Every Saturday for a bizillion Saturdays to come, I gather around a table with some fifteen other seeking souls.
What we are seeking is a healthy relationship with money. In a world where marketers would have us believe that what we wear somehow defines who we are, we are seeking ways to learn to say “yes” to our future by saying “no”.
One of the comments grounding the class is that as a culture we have come to be convinced that dessert ought not be denied. We want what we want and we want it now and if having something when we want it means we sabotage the main course of our days, well, so be it.
The “so be it” is ransoming our present. We are living with increasing debt. That debt means that we are living with past choices that constrict our present choices and rather than learning to say “no” to dessert (cars, vacations, meals out, palatial homes) we whistle in the dark of our financial reality and keep piling on debt. And, we are miserable.
Learning how to say “no” in order to fully say “yes” is a spiritual discipline. Learning to say “no” is a taking into ourselves and our behaviors the belief that we are enough and we have enough. We don’t have to have the magical thing that will somehow convince us and our world that we are worthy.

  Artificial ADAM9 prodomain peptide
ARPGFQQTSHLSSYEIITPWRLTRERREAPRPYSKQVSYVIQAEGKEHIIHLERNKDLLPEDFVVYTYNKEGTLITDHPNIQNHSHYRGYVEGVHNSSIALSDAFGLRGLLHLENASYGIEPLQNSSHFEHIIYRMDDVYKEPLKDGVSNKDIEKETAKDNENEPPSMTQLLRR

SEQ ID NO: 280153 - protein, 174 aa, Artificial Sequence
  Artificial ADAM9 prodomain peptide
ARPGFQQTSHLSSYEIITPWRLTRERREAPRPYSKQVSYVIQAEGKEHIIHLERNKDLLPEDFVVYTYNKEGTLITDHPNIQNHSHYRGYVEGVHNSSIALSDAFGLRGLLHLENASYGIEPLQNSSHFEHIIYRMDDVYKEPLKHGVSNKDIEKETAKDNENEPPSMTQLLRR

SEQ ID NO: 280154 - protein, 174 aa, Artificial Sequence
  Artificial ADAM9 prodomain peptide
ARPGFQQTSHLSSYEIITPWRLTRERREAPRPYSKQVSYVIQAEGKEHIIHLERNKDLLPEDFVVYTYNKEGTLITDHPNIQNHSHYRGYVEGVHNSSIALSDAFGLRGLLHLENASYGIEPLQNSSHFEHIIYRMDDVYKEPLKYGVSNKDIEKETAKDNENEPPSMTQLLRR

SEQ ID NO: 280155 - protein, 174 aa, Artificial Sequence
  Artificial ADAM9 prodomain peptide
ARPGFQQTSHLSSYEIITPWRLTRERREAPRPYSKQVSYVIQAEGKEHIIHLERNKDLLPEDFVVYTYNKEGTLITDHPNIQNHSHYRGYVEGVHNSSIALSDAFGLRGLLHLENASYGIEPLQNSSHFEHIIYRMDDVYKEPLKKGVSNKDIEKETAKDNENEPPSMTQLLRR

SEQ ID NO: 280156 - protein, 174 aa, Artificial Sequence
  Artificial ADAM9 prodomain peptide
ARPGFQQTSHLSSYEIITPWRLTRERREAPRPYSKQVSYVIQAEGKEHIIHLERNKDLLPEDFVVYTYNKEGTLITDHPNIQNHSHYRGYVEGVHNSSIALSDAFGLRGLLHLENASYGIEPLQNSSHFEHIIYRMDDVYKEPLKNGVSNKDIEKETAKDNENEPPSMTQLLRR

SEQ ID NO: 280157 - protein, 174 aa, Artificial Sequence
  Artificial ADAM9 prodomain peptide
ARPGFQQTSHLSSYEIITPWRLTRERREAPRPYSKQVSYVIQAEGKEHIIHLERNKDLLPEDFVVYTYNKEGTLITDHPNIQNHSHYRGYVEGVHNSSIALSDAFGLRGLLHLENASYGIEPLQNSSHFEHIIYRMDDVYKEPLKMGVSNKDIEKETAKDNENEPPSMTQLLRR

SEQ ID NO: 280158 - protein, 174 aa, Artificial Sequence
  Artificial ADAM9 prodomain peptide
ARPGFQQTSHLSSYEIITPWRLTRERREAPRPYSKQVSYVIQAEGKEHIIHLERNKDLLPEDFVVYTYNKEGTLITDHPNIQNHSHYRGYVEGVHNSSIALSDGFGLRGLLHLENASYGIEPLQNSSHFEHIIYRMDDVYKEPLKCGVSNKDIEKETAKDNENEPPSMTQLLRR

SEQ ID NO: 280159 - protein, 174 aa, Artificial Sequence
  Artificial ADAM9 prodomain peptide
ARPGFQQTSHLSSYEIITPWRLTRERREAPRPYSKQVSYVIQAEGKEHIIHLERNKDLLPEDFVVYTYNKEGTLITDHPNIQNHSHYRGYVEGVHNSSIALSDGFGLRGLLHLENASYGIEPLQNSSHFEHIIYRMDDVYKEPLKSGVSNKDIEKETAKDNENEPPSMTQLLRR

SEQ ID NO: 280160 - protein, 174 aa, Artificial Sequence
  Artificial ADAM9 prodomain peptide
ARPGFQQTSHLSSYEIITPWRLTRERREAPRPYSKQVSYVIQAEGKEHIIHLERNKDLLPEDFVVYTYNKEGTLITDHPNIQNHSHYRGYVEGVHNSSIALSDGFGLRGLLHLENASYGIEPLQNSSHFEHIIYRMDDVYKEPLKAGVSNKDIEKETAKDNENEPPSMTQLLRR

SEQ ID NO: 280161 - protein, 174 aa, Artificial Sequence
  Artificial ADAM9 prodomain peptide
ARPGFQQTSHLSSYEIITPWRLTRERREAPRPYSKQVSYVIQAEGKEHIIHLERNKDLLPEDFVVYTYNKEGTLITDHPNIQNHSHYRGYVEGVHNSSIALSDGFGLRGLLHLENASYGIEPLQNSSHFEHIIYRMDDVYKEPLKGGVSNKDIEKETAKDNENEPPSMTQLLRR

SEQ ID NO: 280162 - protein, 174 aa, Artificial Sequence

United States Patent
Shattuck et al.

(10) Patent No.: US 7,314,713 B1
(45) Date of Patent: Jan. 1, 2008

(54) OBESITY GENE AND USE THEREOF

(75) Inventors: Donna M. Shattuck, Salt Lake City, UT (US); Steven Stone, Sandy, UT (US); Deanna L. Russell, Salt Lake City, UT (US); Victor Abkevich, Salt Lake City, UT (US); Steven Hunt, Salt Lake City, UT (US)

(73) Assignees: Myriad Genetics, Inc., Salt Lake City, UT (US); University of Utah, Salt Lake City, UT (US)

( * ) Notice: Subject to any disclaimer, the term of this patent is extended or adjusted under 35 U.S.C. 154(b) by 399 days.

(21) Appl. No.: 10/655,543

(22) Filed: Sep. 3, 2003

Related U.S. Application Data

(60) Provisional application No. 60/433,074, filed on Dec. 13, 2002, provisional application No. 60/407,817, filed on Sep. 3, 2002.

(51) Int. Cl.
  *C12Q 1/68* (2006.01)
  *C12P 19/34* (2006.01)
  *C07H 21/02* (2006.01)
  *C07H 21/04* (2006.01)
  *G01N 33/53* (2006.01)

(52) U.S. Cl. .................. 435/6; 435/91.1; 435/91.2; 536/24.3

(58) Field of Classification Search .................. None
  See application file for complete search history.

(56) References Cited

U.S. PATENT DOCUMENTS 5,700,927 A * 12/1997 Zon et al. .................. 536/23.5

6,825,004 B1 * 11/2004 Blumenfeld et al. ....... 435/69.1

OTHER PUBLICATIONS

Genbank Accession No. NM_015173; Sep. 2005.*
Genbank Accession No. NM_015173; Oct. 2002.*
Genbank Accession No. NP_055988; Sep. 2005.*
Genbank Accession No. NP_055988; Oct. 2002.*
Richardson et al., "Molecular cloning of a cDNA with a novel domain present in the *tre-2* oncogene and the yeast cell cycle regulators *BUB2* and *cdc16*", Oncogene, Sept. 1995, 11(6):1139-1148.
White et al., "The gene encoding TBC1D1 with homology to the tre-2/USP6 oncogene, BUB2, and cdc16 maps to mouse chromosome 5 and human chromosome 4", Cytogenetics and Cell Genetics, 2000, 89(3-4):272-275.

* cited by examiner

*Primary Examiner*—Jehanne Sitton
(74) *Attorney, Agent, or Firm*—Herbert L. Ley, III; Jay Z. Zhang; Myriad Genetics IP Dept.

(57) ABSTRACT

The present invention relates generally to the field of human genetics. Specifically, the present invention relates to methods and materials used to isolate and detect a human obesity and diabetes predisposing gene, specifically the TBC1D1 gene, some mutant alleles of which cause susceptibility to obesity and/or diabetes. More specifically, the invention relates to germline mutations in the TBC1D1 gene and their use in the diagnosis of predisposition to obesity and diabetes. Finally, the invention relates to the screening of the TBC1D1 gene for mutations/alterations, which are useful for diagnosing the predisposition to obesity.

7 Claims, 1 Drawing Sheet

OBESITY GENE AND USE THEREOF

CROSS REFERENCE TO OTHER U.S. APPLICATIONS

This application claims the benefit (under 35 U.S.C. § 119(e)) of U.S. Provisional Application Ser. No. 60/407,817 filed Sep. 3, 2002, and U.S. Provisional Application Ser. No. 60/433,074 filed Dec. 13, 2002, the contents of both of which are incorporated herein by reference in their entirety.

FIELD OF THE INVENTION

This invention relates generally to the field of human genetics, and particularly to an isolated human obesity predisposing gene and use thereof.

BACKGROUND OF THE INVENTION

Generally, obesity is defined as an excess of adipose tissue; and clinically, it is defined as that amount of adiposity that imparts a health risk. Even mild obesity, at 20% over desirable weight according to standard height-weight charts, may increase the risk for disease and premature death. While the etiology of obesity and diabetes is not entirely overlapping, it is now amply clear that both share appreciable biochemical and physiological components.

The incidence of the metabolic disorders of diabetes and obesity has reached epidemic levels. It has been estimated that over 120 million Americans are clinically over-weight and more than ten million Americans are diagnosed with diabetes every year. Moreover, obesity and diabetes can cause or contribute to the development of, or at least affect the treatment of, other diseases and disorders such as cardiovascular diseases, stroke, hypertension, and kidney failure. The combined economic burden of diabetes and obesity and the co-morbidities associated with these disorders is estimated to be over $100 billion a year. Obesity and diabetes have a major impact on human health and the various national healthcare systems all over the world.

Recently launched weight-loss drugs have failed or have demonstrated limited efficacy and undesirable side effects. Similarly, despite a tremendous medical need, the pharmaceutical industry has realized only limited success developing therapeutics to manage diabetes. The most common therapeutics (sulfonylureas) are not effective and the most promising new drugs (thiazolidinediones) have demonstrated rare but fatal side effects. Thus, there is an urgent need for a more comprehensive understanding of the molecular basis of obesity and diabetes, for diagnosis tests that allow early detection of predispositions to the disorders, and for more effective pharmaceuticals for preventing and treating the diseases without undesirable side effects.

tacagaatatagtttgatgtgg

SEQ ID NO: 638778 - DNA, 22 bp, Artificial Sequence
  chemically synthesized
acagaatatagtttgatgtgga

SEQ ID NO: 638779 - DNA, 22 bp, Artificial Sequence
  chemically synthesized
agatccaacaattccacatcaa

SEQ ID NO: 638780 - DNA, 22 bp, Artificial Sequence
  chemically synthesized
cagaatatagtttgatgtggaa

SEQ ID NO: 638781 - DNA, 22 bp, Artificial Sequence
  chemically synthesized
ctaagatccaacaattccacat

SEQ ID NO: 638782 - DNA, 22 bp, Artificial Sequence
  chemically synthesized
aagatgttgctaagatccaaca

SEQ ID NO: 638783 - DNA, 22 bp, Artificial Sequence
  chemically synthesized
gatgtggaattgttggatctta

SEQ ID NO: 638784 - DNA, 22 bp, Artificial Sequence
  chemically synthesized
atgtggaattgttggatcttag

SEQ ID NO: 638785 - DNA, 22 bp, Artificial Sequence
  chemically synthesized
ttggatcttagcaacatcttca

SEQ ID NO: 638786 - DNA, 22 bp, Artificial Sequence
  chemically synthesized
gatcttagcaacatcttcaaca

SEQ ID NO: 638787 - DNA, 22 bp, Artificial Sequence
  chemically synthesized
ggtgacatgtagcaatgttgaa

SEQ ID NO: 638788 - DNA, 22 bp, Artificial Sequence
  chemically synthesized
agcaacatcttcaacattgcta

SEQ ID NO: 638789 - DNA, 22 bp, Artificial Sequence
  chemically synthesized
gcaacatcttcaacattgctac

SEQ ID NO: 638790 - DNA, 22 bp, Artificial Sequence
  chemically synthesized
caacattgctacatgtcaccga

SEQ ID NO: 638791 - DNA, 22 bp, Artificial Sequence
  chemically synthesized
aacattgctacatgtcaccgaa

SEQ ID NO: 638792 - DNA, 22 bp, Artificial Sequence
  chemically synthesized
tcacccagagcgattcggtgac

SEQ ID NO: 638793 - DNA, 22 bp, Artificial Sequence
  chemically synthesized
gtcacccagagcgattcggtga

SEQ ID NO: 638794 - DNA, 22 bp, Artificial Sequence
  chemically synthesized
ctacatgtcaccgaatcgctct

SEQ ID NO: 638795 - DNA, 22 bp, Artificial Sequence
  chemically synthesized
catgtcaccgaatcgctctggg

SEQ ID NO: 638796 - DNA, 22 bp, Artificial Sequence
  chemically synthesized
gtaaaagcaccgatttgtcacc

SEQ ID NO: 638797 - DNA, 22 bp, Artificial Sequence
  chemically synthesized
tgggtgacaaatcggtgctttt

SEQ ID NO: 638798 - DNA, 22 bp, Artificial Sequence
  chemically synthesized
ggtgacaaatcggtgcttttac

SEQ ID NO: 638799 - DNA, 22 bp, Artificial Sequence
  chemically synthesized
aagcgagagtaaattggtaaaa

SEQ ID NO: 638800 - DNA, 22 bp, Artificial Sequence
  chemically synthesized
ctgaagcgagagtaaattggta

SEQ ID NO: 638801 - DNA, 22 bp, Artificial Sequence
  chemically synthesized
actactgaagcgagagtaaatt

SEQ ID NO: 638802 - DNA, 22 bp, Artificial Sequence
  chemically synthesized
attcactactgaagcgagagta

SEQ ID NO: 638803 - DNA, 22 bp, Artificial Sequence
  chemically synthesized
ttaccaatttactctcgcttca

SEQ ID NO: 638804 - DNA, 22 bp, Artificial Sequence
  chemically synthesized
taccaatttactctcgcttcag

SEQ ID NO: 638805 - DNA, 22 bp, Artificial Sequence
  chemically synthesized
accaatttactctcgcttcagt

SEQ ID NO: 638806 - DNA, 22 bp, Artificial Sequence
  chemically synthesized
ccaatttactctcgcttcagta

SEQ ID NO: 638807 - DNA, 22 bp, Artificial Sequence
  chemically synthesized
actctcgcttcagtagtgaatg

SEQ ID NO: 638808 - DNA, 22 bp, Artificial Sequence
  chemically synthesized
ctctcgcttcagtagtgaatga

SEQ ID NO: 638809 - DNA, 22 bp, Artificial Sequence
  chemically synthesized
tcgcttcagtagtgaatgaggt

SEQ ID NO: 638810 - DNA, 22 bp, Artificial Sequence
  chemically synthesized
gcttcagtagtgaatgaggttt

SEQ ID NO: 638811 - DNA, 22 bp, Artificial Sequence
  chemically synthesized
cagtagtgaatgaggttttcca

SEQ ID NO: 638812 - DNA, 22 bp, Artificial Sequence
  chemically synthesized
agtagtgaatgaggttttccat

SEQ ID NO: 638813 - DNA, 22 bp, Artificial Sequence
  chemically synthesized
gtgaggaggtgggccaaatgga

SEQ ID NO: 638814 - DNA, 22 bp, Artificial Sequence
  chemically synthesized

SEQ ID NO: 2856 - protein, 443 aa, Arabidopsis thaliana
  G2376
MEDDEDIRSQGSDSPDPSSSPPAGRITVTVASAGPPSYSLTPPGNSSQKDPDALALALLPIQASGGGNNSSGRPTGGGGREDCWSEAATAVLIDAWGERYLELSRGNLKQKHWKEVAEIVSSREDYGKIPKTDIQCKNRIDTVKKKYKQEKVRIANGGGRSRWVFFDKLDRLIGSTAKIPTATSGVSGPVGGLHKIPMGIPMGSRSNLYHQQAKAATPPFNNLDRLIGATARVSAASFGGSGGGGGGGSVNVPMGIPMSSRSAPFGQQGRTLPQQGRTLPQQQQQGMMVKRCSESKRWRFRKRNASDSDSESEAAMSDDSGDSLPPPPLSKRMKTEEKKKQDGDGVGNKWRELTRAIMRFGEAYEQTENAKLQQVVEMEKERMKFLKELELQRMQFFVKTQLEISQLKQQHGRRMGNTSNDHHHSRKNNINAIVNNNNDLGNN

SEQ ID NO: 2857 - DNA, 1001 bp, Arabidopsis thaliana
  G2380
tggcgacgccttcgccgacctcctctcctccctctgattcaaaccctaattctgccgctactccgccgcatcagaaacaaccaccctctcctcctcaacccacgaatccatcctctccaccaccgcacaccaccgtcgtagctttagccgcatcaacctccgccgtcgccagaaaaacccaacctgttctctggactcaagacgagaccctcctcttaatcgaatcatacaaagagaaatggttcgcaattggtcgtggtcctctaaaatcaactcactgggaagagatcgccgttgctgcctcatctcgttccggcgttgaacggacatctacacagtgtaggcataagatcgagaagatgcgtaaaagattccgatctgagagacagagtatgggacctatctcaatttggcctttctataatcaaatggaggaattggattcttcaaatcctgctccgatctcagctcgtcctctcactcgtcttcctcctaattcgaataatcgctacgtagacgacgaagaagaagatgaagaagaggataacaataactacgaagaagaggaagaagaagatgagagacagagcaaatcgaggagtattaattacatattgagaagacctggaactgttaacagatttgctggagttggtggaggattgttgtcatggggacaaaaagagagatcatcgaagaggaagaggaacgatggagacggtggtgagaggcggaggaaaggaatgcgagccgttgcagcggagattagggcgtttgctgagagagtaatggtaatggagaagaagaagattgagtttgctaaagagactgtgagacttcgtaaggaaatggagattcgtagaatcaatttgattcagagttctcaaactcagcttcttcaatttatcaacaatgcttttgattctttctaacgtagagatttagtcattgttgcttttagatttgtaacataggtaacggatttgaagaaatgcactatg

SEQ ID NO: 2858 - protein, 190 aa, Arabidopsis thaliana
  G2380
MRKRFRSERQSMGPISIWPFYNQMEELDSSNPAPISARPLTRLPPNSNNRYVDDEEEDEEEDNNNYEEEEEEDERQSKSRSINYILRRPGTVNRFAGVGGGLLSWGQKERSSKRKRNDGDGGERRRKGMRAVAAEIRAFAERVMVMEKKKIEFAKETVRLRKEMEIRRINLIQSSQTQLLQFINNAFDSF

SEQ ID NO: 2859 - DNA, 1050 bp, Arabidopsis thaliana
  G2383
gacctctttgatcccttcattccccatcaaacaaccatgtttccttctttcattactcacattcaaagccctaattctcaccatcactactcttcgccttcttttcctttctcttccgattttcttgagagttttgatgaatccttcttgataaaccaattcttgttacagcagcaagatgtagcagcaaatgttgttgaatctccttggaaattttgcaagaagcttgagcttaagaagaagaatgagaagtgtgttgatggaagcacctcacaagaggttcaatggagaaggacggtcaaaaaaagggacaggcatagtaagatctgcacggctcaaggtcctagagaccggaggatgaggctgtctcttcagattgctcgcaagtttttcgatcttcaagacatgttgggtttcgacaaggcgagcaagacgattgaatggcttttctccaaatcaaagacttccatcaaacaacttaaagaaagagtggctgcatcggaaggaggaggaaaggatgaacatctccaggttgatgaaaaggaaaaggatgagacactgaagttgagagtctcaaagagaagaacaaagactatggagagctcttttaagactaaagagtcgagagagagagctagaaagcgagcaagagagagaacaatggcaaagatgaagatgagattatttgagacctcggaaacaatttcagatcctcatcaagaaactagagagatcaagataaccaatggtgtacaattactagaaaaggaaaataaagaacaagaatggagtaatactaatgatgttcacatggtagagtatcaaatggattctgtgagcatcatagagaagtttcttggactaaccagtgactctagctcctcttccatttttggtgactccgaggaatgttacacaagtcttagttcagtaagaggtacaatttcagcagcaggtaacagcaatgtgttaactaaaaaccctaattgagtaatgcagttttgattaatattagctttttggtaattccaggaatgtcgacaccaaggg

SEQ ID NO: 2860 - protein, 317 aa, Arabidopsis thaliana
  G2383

We have enough.
I’m playing around with this in my own life. I’m creating a budget. Before anything else happens to my money, I give. I give 10% (the biblical teaching about tithing) to my church. I pay my bills, and then, before the temptations of unplanned spending takes me, I put money in savings.
Financial Peace teachings advocate for an initial goal of having $1,000 in savings ($500 if salary is less than $20,000) and then working toward the creation of an emergency fund of six months worth of expenses.
I have some work to do. But I have to say that spending time with paper and pencil, creating a budget, saving money, and giving money has changed my way of living.
No more am I hostage to the anxiety that accompanies bondage to debt. Having a plan means claiming the “power God gives me to resist evil, injustice and oppression in whatever forms they present themselves” (UM membership vow).
The oppression of a sense of insufficiency and debt are real. Throwing light on the dark that I and so many of us have whistled in is claiming power.
“No” power is feeling power full.